Early season starts for young pitchers in the minors are weird, as they are usually on 70-80 pitch counts. Enlow did okay in his first start at Single-A, and is poised for a great year.

Tyler Watson (22) - 1 GS, 5.1 IP, 1/0 K/BB ratio, 1.69 ERA, 0.56 WHIP

A good first performance for Watson, who pitched for Cedar Rapids upon his trade to the Twins system last year. With similar success as the year goes on, I’d expect to see him in Fort Myers. His velocity will be a big thing to watch— if he can get his average fastball up a few ticks he could be a steal from the Brandon Kintzler trade.

Bryan Sammons - 2 GS, 9.1 IP, 9/3 K/BB ratio, 0.96 ERA

Sammons is about to turn 23 but is still intriguing as a sleep prospect. If he continues to make short work of 19-20 year olds he could move quickly through the system, maybe up to Chattanooga by years end.

Jovani Moran - 3 G, 4.1 IP, 7/7 K/BB ratio, 2.08 Era

Moran struck out 45 batters in 24.1 innings last year in rookie ball, so he is an interesting youngster to watch. His control issue is probably due to getting to know a new league.

Batters

Royce Lewis (1) - .261/.370/.435, 1 2B, 1 HR, 4/3 BB/K ratio, 1 SB (0 CS)

Lewis has started pretty much right where he left off last season- he is showing an advanced approach at the plate and hitting the ball pretty well. Of course we want to see him hit in the .300 range, but the OBP and slugging percentage are good signs early. He has an error so far in 6 games at short, for those wondering about his fringey defense.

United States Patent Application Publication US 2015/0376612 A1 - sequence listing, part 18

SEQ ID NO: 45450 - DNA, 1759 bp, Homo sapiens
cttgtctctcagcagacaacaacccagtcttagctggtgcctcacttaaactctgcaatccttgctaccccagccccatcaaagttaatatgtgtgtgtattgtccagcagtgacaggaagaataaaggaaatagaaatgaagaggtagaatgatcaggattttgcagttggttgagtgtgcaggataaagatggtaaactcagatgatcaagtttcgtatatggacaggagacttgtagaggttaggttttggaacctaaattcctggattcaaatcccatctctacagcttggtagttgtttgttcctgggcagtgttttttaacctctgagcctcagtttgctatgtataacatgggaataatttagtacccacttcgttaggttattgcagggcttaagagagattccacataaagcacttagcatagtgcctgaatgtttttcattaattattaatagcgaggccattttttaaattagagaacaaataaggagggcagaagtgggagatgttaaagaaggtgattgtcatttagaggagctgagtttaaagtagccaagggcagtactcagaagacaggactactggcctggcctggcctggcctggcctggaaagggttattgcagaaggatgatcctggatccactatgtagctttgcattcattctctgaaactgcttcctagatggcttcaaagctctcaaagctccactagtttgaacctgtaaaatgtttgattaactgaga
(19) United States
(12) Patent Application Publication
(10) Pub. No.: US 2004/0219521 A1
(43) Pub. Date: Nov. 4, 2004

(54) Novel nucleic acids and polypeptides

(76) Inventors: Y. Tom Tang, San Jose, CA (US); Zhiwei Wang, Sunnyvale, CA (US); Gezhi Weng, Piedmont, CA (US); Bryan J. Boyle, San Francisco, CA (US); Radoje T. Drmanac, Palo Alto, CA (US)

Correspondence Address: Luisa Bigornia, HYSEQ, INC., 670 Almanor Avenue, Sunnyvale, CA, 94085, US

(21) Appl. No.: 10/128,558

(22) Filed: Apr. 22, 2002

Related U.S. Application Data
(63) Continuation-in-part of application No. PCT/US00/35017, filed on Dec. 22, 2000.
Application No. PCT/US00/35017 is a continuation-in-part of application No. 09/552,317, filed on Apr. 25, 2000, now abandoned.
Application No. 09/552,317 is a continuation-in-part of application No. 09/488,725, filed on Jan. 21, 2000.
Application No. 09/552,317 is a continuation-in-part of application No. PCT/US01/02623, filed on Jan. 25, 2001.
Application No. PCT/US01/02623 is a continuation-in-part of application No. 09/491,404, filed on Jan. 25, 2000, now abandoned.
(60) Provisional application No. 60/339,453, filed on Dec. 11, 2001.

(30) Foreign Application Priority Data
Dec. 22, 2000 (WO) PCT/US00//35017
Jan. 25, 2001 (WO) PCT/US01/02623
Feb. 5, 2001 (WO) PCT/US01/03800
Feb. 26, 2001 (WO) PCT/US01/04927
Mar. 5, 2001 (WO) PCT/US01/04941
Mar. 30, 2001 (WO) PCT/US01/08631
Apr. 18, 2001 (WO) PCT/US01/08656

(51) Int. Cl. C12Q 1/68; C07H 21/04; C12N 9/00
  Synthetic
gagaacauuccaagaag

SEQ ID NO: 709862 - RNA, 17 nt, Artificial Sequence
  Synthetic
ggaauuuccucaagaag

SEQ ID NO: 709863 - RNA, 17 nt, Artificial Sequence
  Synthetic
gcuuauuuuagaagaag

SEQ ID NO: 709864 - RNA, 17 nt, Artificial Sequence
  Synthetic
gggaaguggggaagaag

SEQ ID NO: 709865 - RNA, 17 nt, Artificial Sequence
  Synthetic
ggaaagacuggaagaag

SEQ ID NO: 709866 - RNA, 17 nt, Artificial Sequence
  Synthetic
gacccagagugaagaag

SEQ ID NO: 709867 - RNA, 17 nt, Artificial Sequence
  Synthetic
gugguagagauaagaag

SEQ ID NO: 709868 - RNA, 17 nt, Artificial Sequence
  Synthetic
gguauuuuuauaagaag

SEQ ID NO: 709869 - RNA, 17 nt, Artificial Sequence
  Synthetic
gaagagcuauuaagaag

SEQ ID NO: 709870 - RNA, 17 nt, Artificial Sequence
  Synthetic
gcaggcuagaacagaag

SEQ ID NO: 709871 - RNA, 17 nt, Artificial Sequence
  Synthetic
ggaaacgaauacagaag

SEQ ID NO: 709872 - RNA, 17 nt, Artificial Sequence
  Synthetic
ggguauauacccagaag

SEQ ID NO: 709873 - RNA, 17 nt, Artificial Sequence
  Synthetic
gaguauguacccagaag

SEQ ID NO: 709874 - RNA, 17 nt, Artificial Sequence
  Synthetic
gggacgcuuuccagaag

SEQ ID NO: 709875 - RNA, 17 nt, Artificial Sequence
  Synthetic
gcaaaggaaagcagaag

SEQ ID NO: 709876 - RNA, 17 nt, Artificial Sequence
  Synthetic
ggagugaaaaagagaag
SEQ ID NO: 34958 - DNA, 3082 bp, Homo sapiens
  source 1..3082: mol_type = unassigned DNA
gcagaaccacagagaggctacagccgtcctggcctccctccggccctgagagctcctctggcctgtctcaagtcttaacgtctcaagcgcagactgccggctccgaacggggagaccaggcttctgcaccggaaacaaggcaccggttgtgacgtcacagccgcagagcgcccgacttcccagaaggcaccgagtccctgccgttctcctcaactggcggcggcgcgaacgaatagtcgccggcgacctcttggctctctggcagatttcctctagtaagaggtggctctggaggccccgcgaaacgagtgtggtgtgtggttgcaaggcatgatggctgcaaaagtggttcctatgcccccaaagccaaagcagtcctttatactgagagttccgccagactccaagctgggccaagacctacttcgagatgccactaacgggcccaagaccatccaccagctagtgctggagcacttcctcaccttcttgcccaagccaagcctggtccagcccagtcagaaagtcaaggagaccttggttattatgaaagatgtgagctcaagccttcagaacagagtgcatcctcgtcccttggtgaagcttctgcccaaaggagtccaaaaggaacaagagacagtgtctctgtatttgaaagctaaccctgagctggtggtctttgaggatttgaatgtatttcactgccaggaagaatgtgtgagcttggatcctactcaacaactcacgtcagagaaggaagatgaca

Alex Kiriloff (6) - .267/.258/.533, 2 2B, 2 HR, 10 RBI, 0/7 BB/K ratio

Kiriloff has pounded the ball so far in Cedar Rapids, a good sign since he missed all of last season. He hit both homers in the same game and has 3 multi-hit games in his last 4. He had success in rookie ball in 2016 despite a poor walk rate, but hopefully that improves here.

Akil Baddoo (11) - .167/.286/.250, 1 3B, 4/14 BB/K ratio, 3 SB (0 CS)

So Baddoo has struck out A LOT. 14 K in 6 games is flat out bad. But he is also taking walks, stealing bases, and hitting the ball fairly hard when he does make contact. The strikeouts weren’t an issue last year, so it may be simply adjusting to the level, but it is something to keep an eye on.

Andrew Bechtold (20) - .364/.440/.409, 1 2B, 3/5 BB/K ratio, 1 SB (0 CS)

Drafed out of junior college last year Bechtold is a bit old for the level (turns 22 this week) and his success is expected. He has been uncharactersistically poor in the field so far, but that should work itself out. If his bat continues to succeed he could see himself in Fort Myers soon.

Ben Rortvedt (24) - .400/.429/.550, 3 2B, 1/3 BB/K ratio

Seeing Rortvedt off to a hot start is inspiring considering his struggles offensively last year at this level. Catchers in the minors have weird schedules, as Rortvedt has only played in 5 of seven games so far, and only 4 of those at catcher. His defense should play, so continued offense success is a big sign for the 20 year old.

Jose Miranda (28) - .143/.240/.143, 2/1 BB/K ratio

Still only 19 years old until June, Miranda’s bat has not yet come around in his first go in full-season ball. He has played mostly second base with a game at third, and that positional flexibility should help Miranda as a prospect until his bat catches up.

David Banuelos - .188/.278/.375, 1 HR, 2/7 BB/K ratio

The other catching prospect in the Twins system (and on the same team as the other), Banuelos has hit okay so far in an interesting time split. He hit his first homer, and has fielded well (2 CS in 3 attempts) when he is behind the plate.


That’s all for this week! Your Twins prospect performers of the week are: Nick Gordon, Alex Kiriloff, and Kohl Stewart (it feels weird — but good — writing that). Check in next time to see how the Twins’ prospects have progressed.